Donna and I were up early on Thursday morning. We wanted to head up to Yosemite National Park and beat the crowd. We left Park of the Sierras at 6:40am and rode the Spyder up CA41 to the park’s south entrance – about 30 miles. From there it was another 35 miles to the Yosemite Valley. Even with the early start, we hit some traffic and there are no opportunities for passing slow vehicles most of the way. Yosemite National Park covers a huge area of the western slope of the Sierra Nevada range – around 1,168 square miles – roughly three quarters of a million acres.
Our route took us up Wawona Road past Chinquapin. We went through a long tunnel through the granite mountainside on the south side of the Merced River. We made a quick stop in a parking area and got our first view of Yosemite Falls. Although we were all the way across the Merced River from the waterfall we could hear it roaring like a jet engine in the background.
From there we continued to the Yosemite Valley Village on the north side of the Merced River where we had breakfast. We each has a banana and hard boiled eggs and coffee before we left, but we were ready to eat again. Donna had a breakfast sandwich – eggs, bacon and cheese on an English muffin. I had biscuits and gravy and somehow ended up with a double order – I managed to eat it all.
While I was in line to order our food, a European couple with a child of five or six years old was ahead of me. The guy asked for two breakfast sandwiches. The cashier taking the order asked, “Bacon, sausage or soy?” The guy looked puzzled and said he would also like a breakfast burrito. The cashier responded with another quick “bacon, sausage or soy?” Again, the guy was puzzled and said “two breakfast sandwiches.” This went back and forth a few times before the guy’s wife stepped in and said bacon. I’m sure the soy was creating the confusion – the poor guy didn’t understand the cashier’s question and the cashier wasn’t offering much in the way of help.
After breakfast, we parked the Spyder in the day use lot west of the Yosemite Valley Lodge. I had camped in Yosemite National Park a few times in the ’70s and ’80s. It’s a much different place today. Of course most of the views aren’t different. But the crowds and the parking situation and campgrounds have changed greatly. Also, many of the trails are paved and wide today – back in the day the trails were – well, they were trails, you know, dirt paths. The lot was filling quickly even though it was only a little after 9am.
We got on a free shuttle bus which makes a loop west then crosses the Merced River and continues east up to Half Dome Village before circling back to Yosemite Valley Lodge. There are a number of free shuttle buses and they pick up at the bus stops every 10 or 15 minutes. The buses are crowded – we had standing room only on the shuttles we rode.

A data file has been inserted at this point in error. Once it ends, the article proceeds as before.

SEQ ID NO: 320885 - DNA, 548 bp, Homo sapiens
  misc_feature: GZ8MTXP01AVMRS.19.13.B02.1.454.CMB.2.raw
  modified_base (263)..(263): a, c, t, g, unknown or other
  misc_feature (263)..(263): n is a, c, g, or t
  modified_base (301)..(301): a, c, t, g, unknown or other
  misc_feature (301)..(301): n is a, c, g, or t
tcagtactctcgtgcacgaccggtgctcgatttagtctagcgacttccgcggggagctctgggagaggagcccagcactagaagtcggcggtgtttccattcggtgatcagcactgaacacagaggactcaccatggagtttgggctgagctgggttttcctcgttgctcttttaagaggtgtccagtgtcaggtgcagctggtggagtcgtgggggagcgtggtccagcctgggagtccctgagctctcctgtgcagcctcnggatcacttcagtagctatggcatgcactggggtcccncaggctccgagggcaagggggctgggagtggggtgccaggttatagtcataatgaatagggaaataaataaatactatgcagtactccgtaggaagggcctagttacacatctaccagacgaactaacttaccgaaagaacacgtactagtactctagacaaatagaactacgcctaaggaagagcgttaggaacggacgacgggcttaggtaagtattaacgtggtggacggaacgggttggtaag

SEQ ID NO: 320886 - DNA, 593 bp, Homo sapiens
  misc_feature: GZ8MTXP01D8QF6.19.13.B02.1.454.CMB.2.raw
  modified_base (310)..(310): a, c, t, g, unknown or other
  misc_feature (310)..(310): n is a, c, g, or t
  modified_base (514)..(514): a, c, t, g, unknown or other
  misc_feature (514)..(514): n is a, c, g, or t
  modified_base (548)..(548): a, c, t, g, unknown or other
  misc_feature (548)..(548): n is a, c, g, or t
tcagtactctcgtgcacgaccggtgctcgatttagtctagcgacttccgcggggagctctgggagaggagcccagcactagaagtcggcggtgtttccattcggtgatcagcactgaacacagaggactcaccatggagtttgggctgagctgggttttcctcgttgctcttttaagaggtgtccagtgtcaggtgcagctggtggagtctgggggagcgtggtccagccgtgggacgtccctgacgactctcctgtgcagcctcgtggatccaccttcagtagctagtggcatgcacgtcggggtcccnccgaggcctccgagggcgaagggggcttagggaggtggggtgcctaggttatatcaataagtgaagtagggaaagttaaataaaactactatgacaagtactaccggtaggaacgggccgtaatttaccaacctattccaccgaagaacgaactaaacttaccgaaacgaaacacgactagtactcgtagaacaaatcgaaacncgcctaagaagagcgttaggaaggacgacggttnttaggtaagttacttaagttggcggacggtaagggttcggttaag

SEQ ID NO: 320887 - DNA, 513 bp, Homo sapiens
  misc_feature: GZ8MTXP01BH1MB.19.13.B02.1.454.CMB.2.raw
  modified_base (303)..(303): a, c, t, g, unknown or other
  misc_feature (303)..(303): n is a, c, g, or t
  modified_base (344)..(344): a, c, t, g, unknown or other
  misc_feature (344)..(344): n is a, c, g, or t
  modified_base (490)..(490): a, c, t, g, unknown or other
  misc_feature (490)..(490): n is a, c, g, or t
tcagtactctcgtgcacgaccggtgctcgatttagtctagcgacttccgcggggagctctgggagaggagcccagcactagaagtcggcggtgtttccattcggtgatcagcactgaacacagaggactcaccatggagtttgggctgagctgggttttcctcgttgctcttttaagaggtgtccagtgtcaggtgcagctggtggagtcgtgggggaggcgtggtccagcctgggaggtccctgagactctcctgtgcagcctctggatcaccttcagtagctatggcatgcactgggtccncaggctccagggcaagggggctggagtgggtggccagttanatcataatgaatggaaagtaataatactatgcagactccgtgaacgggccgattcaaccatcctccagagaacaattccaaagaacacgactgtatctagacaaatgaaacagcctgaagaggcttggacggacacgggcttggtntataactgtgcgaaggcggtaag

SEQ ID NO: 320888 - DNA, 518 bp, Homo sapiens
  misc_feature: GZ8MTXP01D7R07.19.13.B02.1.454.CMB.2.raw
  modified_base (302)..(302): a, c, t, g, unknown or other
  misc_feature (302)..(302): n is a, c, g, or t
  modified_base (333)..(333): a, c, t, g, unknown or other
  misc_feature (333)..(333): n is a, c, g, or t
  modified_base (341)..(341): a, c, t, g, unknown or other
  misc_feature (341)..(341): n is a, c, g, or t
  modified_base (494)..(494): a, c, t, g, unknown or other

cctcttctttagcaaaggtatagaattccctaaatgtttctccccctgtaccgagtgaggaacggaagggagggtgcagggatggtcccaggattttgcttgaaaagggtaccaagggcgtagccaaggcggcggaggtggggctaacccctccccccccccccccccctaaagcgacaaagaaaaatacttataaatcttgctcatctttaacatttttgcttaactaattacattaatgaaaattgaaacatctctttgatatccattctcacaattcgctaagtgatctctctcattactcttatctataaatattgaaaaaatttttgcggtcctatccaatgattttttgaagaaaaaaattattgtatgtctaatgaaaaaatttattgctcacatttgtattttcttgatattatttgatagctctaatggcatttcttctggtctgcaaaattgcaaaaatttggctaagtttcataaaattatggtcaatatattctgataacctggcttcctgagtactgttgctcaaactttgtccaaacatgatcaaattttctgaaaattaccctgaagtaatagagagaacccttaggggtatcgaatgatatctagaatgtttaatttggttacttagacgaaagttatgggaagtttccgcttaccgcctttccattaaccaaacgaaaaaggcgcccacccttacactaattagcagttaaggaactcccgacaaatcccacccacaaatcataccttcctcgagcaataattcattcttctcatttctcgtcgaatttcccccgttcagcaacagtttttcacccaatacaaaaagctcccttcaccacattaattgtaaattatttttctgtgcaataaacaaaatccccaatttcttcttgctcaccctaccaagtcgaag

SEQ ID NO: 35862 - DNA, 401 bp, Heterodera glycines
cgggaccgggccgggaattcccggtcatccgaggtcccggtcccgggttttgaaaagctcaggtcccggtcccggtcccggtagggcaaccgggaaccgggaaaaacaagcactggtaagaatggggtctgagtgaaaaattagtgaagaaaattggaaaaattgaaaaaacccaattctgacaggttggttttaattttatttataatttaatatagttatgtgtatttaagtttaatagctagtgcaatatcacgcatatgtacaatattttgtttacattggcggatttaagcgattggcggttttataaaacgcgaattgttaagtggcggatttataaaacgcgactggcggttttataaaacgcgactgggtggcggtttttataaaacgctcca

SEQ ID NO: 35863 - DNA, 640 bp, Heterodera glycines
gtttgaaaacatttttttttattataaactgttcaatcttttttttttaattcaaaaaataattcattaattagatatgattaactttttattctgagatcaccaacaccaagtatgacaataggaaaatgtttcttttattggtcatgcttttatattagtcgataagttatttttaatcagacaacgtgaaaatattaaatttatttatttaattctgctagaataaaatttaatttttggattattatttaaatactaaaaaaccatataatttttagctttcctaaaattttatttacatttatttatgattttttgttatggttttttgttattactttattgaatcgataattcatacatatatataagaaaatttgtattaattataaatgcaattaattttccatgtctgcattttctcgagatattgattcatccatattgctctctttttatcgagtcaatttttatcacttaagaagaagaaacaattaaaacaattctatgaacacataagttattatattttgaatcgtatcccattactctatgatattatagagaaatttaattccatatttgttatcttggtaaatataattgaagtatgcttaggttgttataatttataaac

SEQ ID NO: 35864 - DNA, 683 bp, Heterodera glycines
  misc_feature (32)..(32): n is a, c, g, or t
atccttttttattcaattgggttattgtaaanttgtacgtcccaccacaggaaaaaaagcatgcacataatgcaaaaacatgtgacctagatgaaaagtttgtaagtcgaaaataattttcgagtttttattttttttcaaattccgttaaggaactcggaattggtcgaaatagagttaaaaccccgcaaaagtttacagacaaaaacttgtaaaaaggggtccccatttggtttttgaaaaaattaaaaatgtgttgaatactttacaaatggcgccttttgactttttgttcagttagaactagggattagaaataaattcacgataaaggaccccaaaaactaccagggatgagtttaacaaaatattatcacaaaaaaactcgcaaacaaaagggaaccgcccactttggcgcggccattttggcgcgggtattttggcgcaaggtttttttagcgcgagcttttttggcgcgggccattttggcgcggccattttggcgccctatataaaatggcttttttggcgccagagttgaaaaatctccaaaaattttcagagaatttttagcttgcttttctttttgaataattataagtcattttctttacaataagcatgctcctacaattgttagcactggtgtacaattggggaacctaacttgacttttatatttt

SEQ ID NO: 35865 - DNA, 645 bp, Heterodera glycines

We got off at the second Half Dome stop.
I shot some photos, but it’s hard to capture the scale of the granite mountainsides all around.
The elevation within the park varies from around 2,100 feet above sea level to over 13,100 feet above sea level. There are a number of waterfalls. The most well known are Bridalveil Fall, Vernal Fall and Yosemite Falls. Yosemite Falls has the longest drop of any waterfall in the USA – it falls 2,425 feet through the upper fall, the middle cascade and the lower fall. The waterfalls are fed from snow melt at the top of the mountains – some of them are dry in the late summer/early fall.
From Half Dome, we took a shuttle to the Lower Falls trail and hiked up to the bottom of Yosemite Falls. It’s an easy hike on a paved surface.
Yosemite Falls drains into the Yosemite Creek. The creek was running strong as much water was passing over the fall. With the large snowpack in the Sierra Nevada mountains this year, I expect the falls to be running strong well into the summer.
We hiked to the bridge over Yosemite Creek. Spray from the waterfall hung in the air and everything was wet. I took our selfie photo and you can see that there was a lot of water in the air around us.
We hiked back to our starting point at the day use parking lot west of the lodge. There were several cars driving the lot in search of a parking place. On average, four million people visit Yosemite every year. A record was set in 2016 when more than five million people visited the park. Like I said earlier, it’s no longer like the old days. Now there are crowds of people. The campground areas are filled with tents wall-to-wall. We headed out before noon.
When we came in to the park, I was surprised to find the kiosks at the entrance unmanned – there was no one there to collect the entrance fee. On our way out, the gate was manned and they were checking vehicles leaving the park for entry receipts. I had a National Parks Pass that Donna bought when she went to the Grand Canyon so we were good to go.
Mid-day traffic leaving the park was light and we made it back to Oakhurst in just over an hour. We stopped there at a fruit and vegetable stand Donna had noticed on the way out, then went over to Southgate Brewing Company for lunch. We enjoyed a couple of their brews and Donna ordered a beet and arugula salad with blood oranges, and fried goat cheese topped with chunks of chicken breast. She loved it.
I had their BLT with sriracha mayo – it was okay, but not too impressive.
Today we have much cooler weather – we expect a high in the upper 60s. We started the morning with pickleball. I don’t have much on my agenda. I’ll need to pay our electric bill for the week and then pay the daily rate – which includes electricity – until next Tuesday or Wednesday. We haven’t decided yet when to leave here or where we are going for that matter!